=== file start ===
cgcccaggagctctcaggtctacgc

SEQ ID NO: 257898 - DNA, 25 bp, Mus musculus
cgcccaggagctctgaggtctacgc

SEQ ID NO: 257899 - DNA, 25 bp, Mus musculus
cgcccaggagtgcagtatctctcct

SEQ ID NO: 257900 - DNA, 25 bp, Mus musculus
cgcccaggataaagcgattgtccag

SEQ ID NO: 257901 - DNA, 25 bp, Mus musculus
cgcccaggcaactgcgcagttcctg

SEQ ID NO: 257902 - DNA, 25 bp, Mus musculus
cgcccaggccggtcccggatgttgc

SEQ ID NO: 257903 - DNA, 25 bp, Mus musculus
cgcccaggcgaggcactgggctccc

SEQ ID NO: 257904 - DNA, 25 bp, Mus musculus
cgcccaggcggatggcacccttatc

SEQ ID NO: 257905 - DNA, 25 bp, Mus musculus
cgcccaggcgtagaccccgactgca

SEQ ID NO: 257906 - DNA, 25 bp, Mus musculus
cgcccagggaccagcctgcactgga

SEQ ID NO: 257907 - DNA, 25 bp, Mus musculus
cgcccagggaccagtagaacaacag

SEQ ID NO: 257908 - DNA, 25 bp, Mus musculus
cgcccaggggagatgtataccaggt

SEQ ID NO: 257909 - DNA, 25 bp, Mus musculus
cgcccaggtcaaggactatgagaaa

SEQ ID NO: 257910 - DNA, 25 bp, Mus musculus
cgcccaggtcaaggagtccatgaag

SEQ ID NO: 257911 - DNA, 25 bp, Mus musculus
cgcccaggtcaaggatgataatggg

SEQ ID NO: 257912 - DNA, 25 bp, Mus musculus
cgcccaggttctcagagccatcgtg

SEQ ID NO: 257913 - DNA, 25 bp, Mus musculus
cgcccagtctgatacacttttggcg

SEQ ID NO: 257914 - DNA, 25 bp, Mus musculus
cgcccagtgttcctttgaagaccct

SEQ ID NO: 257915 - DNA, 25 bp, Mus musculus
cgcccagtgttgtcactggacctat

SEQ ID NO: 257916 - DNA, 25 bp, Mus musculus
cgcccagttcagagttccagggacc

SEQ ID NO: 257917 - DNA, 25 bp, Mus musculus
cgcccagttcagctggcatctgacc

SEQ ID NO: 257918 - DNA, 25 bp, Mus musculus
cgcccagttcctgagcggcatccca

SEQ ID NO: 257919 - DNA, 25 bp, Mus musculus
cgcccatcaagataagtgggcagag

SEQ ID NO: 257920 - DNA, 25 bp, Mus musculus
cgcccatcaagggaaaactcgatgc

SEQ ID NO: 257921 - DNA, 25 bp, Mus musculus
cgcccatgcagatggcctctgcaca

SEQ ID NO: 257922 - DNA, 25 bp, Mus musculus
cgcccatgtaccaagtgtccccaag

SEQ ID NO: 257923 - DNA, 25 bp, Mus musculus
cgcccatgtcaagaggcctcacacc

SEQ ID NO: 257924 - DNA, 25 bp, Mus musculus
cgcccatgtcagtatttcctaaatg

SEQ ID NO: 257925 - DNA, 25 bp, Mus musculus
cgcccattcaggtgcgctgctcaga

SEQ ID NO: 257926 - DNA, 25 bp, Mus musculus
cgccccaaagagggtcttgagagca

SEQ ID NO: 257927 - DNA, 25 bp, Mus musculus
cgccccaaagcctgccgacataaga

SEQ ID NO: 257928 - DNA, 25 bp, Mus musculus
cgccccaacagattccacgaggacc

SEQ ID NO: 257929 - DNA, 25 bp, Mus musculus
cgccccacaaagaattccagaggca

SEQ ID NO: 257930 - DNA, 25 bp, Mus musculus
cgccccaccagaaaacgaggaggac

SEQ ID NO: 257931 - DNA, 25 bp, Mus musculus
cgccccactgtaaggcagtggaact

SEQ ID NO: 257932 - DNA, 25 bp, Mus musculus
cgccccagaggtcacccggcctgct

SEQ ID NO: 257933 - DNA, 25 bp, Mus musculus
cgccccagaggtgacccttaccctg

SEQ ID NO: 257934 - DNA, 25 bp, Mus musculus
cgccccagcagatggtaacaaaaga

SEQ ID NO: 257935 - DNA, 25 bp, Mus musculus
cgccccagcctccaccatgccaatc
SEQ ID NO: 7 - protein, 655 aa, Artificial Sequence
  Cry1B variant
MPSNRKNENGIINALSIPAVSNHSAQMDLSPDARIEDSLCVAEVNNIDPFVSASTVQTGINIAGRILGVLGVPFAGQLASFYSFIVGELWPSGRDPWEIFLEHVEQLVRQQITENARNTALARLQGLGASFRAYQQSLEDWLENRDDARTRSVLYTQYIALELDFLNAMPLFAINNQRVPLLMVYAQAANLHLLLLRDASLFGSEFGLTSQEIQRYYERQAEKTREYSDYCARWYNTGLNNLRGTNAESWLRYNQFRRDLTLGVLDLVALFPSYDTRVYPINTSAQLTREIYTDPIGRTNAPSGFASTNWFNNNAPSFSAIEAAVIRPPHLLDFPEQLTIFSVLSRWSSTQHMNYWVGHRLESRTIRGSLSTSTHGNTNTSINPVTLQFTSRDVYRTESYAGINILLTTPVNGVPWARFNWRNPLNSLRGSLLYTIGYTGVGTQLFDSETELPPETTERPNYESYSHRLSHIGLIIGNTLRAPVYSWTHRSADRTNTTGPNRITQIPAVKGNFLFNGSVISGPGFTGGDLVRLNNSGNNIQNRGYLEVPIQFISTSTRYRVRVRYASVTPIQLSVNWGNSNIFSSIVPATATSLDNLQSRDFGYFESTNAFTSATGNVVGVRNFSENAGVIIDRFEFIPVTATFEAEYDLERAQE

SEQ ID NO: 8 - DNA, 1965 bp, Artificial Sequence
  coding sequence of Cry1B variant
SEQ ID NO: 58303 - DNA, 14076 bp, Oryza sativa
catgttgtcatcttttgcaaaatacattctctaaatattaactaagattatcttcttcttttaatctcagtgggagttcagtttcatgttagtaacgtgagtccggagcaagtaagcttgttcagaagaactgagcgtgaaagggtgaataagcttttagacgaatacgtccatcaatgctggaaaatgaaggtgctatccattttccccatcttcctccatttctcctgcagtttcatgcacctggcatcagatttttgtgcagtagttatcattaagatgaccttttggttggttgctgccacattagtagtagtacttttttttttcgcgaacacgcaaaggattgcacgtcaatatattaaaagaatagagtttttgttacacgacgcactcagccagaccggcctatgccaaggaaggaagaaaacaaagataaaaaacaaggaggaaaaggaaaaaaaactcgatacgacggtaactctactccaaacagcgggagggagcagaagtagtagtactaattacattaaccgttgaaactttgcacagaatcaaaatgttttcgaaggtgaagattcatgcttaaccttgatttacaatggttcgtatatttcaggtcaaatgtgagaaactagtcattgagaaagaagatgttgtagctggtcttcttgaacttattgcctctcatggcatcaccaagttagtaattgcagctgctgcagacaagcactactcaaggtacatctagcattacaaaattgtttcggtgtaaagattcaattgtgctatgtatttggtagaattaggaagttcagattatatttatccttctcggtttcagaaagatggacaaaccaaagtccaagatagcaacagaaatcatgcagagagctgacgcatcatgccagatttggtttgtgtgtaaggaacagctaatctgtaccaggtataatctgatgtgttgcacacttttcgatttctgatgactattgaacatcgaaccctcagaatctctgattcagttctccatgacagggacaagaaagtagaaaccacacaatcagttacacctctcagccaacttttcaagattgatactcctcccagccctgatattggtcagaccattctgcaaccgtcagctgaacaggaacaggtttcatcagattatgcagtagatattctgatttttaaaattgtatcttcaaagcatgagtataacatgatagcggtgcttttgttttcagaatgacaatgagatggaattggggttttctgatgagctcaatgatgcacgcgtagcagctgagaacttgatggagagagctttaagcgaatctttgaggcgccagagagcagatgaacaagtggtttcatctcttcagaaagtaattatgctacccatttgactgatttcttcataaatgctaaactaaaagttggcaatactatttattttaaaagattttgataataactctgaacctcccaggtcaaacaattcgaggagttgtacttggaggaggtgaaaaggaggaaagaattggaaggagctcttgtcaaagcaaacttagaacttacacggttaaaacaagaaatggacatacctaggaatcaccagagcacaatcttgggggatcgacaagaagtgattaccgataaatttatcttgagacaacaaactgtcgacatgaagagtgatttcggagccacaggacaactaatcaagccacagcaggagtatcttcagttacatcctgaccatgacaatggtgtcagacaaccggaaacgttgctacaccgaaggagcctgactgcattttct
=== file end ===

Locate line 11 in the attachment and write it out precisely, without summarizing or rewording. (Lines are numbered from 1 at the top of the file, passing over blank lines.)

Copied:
cgcccaggccggtcccggatgttgc